My Day by Eleanor Roosevelt

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MEEKER, Colo.—This has been a busy day. I had to go to town early to file my column because we had planned a long ride up a canyon to a point where we got on our horses. Some of the horses went up by trailer, others were ridden up early by the boys on the ranch.

Last year, I took a walk with Minnewa some distance up the same canyon but, of course, we could not begin to go as far as we could go on horseback.

It was perfectly beautiful—first down through the meadows close to the River, then higher and higher up, with rugged mountains rising above the trees.

Most of our mountains are covered with trees, but here and there sheer rock rises, which is perfectly beautiful. And the clouds and the sunlight make wonderful shadows on the green. I think the changing colors and shadows are quite lovely here. Last night at sunset the hills far in the distance were purple and then dark green, shading into lighter green.

I enjoy riding the mountain trails, though I confess I am constantly amazed at the wonderful training of the horses. They know when to go slowly and pick their way; they are particularly careful of the loose stones and rocks where they might slide; and they know where to make up time and go a little faster.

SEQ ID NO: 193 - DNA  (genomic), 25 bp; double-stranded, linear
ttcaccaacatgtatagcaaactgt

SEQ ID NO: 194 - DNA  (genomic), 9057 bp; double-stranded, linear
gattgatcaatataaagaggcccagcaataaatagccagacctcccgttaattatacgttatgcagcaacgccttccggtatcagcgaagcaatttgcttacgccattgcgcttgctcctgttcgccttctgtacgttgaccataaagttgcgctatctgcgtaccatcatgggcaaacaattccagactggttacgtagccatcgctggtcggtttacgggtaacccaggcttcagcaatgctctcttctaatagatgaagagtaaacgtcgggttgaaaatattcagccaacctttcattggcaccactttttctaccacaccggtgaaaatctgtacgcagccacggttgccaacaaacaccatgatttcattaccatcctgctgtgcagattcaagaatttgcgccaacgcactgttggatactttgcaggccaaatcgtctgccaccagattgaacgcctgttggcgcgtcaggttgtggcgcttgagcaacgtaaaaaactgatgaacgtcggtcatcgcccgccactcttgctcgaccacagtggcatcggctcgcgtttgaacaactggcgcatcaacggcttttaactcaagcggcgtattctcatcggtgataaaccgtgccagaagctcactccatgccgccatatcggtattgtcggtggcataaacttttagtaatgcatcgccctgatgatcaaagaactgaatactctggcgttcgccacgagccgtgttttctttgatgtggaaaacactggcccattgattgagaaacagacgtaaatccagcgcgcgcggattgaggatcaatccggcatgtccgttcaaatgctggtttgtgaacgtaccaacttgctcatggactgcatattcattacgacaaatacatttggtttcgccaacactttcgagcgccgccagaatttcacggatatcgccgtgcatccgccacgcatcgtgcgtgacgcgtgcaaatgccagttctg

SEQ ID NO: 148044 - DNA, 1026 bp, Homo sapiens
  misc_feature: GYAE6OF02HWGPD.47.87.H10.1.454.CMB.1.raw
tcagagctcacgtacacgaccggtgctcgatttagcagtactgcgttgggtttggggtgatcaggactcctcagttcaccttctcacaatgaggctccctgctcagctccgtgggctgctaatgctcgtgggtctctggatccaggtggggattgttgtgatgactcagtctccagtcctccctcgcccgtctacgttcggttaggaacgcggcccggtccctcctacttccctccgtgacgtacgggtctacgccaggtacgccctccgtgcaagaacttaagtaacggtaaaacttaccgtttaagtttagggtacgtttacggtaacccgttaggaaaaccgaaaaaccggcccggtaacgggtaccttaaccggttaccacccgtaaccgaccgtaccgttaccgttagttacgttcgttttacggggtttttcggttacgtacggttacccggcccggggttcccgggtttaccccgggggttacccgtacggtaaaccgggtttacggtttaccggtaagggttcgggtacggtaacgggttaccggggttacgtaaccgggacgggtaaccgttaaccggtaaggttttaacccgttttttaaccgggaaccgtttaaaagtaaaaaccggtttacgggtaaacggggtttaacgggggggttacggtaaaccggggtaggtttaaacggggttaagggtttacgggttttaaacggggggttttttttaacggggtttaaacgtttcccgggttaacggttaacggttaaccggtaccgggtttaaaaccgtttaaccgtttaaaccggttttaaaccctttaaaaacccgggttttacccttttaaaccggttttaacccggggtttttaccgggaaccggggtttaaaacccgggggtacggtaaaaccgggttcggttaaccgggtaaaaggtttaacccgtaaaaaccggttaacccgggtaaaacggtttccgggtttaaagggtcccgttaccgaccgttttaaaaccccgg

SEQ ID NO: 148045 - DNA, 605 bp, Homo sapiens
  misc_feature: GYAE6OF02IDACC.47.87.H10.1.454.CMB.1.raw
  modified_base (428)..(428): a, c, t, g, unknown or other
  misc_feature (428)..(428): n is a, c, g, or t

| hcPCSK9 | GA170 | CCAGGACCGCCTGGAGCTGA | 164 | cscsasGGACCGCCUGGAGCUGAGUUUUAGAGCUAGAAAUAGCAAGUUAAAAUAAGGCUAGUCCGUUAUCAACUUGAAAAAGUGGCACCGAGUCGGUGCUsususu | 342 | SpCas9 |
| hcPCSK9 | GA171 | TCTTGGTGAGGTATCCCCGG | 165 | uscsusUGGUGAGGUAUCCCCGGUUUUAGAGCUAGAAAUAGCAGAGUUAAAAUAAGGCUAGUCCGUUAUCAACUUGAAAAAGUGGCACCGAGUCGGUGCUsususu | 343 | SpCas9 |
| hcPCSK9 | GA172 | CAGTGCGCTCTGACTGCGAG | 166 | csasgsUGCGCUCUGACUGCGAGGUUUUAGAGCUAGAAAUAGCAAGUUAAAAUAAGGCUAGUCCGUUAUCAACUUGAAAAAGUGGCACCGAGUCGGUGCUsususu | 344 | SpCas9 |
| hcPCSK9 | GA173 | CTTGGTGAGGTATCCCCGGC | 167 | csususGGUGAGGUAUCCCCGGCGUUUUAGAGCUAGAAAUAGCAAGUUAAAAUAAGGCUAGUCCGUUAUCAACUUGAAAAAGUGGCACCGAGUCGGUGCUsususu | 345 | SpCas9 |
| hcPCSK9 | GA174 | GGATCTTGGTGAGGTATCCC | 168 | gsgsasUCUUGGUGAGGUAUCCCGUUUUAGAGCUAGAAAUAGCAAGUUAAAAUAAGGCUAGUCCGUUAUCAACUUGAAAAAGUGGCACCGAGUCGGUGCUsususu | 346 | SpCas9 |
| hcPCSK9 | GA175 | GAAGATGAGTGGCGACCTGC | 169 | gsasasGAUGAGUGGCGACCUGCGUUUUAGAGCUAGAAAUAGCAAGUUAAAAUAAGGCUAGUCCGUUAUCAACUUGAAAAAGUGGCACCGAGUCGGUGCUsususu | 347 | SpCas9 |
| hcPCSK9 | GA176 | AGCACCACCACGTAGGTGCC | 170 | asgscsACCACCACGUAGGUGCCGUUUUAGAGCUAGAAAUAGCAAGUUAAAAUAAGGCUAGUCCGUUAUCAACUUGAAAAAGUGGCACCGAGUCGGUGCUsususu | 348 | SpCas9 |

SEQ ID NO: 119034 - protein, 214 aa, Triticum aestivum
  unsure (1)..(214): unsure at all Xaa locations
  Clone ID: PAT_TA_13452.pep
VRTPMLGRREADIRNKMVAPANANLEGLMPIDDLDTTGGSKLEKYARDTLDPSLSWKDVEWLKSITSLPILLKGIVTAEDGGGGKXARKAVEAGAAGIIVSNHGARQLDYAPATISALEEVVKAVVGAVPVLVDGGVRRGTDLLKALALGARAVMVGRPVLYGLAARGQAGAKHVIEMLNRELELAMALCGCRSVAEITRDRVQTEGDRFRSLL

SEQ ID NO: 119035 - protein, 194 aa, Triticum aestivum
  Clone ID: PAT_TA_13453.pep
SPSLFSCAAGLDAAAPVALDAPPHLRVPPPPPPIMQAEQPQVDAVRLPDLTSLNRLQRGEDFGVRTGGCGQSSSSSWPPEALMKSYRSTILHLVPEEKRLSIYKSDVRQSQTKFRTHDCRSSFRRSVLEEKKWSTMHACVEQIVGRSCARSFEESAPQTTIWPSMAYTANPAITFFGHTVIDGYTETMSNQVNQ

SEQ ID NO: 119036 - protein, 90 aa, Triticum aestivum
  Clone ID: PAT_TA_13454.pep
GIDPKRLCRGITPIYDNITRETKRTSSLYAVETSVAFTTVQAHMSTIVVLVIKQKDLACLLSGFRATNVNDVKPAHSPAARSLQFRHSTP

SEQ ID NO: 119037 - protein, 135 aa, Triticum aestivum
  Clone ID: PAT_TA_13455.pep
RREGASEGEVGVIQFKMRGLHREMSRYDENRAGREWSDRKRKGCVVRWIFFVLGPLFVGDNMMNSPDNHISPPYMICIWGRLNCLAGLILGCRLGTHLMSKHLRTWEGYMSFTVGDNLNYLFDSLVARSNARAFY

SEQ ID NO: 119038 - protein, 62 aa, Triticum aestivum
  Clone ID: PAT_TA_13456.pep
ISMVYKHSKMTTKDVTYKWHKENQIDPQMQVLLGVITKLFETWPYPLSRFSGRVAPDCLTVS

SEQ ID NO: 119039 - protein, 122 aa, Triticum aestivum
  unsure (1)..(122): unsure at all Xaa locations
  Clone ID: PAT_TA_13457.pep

I have a horse that is very sure-footed but a bit slow. However, he follows very well and he likes to follow one particular horse and will do exactly what that horse does—jog, trot, canter, or walk, which last is, of course, what one does most of the time.

I like all his gaits except his canter. I find that is rather pounding, though I know perfectly well it is partly my fault. Nevertheless, I like to fool myself into thinking he has a hard canter. I am improving, however, for this morning's ride was a three-hour journey and it did not even tire me.

Our lunch was delicious when we got back to the picnic area.

* * *

One of the pleasant things on this trip to Elliott's ranch has been the chance to see Senator and Mrs. Fulbright out here. They are guests of Mr. and Mrs. Al White, who gave the picnic today and so they went with us on the ride up the canyon.

I have always admired Senator Fulbright from afar, but it is a great pleasure to get to know him a little better. And his wife is just as charming as I have always thought her to be. Getting to know people away from Washington is very pleasant, I think, because then if one meets again in a more formal atmosphere one has the background and sense of intimacy that only can come from contacts in the out-of-doors and in the leisurely summer atmosphere.

E.R.
TMs, AERP, FDRL